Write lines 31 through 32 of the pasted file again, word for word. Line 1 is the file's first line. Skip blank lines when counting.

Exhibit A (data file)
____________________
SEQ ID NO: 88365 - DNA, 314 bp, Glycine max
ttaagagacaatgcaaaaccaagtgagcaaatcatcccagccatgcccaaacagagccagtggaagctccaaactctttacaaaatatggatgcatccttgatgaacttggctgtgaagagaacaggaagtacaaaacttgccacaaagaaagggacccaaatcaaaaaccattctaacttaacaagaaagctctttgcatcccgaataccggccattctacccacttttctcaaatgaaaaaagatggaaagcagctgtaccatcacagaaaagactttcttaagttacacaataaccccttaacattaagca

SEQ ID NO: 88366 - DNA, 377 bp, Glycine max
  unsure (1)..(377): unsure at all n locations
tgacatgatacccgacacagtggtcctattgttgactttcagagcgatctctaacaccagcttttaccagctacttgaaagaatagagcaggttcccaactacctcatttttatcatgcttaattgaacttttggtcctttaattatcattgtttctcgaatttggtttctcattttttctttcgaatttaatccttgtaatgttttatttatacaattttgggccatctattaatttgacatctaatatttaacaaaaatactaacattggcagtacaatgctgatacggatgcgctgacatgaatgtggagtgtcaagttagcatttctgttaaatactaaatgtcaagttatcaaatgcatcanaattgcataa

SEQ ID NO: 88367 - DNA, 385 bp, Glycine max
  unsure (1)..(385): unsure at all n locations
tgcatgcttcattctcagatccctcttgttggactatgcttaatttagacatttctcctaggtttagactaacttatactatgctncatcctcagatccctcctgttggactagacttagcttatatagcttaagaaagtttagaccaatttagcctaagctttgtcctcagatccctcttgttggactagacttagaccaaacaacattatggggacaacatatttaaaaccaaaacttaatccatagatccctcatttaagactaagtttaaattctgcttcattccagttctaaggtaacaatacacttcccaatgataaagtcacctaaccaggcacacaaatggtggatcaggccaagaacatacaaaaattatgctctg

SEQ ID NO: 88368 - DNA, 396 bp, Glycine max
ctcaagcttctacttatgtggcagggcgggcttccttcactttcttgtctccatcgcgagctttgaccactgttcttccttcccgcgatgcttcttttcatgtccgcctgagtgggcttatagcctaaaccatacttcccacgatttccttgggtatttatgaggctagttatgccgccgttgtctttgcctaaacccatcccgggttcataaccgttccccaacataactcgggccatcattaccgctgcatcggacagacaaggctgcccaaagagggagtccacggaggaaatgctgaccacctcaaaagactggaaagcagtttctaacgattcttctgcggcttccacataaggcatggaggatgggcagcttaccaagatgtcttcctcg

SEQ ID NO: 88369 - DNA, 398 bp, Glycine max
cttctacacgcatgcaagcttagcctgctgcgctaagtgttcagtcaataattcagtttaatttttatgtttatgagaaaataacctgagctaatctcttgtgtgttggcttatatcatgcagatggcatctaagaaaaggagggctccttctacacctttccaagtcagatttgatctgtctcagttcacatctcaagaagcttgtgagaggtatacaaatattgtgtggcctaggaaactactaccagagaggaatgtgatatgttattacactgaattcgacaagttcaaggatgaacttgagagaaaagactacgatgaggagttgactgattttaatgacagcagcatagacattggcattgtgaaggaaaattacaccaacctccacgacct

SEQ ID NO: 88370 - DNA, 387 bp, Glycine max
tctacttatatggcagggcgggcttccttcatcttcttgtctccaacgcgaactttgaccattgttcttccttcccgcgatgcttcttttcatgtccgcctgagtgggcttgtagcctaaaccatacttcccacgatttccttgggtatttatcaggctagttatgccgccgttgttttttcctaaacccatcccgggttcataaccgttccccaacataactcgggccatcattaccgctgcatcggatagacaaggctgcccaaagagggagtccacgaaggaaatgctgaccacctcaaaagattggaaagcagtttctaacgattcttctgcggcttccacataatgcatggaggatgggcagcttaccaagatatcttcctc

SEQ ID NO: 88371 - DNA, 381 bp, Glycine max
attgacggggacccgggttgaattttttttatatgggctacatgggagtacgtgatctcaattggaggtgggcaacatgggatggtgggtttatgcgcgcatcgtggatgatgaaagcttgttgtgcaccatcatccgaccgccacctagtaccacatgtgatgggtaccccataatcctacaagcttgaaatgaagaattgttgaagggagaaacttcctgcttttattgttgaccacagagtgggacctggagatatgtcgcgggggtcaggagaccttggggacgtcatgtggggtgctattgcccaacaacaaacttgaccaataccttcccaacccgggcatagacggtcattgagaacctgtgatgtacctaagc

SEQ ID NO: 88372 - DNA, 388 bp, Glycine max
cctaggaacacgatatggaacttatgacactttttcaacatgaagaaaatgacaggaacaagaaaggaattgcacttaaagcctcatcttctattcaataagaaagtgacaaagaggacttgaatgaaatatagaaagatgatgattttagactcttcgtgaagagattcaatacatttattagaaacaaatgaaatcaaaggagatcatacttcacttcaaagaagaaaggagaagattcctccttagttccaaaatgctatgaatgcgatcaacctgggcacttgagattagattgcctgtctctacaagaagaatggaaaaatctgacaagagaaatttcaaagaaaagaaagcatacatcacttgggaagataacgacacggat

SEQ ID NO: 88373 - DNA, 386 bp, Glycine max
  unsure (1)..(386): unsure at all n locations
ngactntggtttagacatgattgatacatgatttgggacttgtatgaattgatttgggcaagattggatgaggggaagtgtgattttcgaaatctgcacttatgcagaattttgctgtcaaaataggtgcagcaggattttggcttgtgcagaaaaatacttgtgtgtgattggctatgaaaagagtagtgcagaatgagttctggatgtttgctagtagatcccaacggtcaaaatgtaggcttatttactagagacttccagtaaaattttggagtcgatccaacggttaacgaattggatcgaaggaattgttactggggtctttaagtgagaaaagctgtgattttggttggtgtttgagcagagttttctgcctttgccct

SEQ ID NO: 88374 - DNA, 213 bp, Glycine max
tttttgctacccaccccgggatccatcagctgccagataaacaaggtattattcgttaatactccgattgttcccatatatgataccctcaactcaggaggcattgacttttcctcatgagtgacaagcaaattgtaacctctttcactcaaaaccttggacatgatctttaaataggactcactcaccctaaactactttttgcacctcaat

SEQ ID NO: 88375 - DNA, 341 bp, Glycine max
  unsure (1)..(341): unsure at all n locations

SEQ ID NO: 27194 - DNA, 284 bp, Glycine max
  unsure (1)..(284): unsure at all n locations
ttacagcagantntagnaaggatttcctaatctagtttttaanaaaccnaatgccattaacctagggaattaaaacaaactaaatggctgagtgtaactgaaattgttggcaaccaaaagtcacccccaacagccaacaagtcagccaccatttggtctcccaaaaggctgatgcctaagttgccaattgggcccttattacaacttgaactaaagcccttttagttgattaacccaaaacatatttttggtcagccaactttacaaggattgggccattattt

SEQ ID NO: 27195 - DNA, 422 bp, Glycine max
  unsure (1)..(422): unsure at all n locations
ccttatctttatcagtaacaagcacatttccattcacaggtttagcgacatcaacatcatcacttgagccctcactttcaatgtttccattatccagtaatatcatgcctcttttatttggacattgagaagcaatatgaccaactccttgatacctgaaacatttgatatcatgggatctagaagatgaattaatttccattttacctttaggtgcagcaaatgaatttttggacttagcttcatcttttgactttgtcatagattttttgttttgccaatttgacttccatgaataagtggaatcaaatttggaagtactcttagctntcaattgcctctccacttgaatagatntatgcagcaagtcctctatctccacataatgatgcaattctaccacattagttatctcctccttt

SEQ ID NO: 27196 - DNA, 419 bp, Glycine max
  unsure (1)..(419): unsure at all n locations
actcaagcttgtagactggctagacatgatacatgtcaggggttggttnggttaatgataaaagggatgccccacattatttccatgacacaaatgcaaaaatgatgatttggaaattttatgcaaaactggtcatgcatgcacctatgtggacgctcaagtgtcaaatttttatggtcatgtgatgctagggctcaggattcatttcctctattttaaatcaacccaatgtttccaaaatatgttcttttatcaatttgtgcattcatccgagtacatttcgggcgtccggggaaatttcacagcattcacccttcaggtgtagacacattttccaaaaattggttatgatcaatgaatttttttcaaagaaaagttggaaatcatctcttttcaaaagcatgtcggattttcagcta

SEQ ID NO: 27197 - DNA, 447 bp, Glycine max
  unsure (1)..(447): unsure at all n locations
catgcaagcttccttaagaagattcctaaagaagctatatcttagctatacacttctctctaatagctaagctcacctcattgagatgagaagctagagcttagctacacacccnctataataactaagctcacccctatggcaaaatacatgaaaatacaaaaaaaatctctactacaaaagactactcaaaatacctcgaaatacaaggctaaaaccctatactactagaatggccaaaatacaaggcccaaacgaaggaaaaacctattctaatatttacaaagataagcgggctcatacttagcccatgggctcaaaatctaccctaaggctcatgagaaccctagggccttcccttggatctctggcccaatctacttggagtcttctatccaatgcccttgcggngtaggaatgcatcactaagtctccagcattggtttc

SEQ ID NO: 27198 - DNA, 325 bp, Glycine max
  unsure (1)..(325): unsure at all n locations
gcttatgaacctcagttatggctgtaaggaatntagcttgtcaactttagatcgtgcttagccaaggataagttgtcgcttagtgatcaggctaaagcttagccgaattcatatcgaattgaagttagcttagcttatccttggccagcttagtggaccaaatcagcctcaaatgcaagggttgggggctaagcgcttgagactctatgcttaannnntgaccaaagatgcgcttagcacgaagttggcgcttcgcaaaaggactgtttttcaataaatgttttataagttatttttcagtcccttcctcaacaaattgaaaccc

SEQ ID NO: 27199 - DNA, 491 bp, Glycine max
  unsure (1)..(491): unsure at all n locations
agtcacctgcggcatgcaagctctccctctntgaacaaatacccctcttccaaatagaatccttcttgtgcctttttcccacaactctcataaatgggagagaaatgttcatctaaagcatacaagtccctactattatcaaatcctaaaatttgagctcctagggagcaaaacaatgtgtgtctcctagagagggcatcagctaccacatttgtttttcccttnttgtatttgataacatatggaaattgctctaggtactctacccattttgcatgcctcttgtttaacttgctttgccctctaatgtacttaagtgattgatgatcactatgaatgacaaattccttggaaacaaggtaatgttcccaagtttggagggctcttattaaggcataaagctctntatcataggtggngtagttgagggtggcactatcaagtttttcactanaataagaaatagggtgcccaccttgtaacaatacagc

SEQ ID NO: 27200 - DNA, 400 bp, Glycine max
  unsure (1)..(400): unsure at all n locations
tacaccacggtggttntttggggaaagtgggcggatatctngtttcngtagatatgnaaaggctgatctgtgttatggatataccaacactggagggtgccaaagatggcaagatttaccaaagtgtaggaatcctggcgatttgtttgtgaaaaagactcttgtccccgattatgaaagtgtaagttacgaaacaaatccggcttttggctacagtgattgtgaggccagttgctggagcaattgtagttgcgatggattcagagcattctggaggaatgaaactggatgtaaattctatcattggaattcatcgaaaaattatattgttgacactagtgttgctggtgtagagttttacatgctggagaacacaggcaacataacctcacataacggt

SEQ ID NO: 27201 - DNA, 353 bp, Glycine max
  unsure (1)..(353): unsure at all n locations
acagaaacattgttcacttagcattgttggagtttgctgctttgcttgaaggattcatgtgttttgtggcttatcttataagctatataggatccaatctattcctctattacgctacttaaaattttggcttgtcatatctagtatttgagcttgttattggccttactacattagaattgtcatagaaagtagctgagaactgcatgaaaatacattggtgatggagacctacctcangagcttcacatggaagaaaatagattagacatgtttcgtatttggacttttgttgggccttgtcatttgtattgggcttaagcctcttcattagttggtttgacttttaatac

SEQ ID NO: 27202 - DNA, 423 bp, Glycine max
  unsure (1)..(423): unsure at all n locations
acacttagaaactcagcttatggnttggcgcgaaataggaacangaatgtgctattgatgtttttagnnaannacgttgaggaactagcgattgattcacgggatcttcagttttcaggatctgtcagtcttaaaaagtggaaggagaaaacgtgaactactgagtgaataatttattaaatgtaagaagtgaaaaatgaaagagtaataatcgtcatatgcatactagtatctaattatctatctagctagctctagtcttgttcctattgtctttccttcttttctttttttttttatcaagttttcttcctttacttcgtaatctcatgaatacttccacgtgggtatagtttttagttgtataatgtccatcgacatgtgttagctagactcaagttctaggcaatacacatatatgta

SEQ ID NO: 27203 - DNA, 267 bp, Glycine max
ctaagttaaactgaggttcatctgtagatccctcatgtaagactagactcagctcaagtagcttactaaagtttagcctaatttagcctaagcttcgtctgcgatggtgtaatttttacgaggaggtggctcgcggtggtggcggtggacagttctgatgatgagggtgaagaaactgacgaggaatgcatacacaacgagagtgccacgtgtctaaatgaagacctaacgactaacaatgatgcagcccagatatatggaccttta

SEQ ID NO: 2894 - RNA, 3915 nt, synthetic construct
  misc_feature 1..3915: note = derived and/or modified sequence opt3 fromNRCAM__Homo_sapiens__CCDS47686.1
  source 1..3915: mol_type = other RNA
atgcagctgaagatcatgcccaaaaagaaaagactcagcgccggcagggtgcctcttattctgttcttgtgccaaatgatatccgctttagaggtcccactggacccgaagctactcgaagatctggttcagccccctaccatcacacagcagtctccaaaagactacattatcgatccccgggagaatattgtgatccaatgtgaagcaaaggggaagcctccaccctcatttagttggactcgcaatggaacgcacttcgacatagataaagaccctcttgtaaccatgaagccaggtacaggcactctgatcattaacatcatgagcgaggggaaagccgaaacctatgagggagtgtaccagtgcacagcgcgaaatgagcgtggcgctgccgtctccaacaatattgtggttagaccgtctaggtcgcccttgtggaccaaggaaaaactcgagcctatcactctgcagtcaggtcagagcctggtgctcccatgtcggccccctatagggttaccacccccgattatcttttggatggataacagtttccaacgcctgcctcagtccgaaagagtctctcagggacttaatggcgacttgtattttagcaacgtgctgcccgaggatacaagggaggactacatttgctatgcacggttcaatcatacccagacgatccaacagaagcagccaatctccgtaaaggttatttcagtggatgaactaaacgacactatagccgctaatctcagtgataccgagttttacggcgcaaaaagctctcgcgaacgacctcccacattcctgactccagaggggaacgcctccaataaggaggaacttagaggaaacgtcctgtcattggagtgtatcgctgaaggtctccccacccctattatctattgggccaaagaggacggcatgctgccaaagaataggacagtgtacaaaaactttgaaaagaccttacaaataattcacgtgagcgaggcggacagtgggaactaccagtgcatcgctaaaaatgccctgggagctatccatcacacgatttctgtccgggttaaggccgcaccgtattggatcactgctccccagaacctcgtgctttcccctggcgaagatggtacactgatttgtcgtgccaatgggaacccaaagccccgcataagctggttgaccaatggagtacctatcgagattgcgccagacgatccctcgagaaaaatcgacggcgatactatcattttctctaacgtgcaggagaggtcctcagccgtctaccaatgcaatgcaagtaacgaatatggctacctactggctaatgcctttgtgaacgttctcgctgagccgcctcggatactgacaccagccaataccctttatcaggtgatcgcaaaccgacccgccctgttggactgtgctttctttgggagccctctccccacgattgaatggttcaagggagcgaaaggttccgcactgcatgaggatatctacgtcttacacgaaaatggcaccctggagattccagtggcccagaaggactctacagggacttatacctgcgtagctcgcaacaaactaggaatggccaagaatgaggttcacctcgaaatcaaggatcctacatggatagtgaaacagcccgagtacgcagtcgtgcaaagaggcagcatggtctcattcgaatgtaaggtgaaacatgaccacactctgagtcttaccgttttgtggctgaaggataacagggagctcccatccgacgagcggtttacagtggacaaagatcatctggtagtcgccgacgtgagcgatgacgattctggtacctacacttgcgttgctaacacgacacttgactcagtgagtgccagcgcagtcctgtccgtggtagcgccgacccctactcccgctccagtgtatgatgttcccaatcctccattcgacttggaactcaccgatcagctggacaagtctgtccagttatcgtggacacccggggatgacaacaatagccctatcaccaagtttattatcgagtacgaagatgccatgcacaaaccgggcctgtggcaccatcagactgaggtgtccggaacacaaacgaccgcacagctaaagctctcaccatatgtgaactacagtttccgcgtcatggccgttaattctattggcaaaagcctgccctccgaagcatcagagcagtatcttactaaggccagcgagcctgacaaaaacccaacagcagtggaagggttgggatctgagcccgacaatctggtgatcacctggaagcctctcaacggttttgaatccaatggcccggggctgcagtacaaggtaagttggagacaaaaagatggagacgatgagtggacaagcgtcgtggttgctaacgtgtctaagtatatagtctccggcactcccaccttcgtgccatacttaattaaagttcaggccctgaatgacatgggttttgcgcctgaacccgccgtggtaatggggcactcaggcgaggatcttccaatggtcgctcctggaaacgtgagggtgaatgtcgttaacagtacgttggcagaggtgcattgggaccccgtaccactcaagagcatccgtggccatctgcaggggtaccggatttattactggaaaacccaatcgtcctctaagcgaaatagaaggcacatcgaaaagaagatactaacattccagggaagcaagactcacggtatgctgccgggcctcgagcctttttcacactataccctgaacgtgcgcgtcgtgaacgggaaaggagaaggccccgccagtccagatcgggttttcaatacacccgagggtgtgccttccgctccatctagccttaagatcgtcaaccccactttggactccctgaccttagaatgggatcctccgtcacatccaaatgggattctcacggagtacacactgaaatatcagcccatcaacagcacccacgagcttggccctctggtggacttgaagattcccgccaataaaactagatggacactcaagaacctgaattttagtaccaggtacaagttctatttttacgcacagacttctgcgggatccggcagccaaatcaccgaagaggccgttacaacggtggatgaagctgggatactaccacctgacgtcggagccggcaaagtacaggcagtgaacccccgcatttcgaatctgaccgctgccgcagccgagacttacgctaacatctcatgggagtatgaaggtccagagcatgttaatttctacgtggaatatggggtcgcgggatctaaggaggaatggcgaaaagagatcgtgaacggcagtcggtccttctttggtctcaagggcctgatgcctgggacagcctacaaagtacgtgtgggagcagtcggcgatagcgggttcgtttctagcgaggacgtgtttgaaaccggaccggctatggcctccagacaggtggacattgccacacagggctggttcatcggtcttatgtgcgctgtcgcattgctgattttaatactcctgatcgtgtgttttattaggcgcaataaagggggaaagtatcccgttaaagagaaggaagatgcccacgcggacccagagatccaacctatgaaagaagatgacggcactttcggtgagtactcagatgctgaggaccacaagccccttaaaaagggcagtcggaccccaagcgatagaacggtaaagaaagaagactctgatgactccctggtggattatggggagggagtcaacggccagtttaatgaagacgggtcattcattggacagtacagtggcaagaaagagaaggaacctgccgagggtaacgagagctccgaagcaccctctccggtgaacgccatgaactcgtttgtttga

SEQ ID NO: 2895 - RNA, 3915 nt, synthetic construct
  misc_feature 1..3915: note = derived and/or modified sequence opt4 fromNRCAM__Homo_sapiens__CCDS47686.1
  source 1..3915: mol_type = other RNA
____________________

ccttatctttatcagtaacaagcacatttccattcacaggtttagcgacatcaacatcatcacttgagccctcactttcaatgtttccattatccagtaatatcatgcctcttttatttggacattgagaagcaatatgaccaactccttgatacctgaaacatttgatatcatgggatctagaagatgaattaatttccattttacctttaggtgcagcaaatgaatttttggacttagcttcatcttttgactttgtcatagattttttgttttgccaatttgacttccatgaataagtggaatcaaatttggaagtactcttagctntcaattgcctctccacttgaatagatntatgcagcaagtcctctatctccacataatgatgcaattctaccacattagttatctcctccttt

SEQ ID NO: 27196 - DNA, 419 bp, Glycine max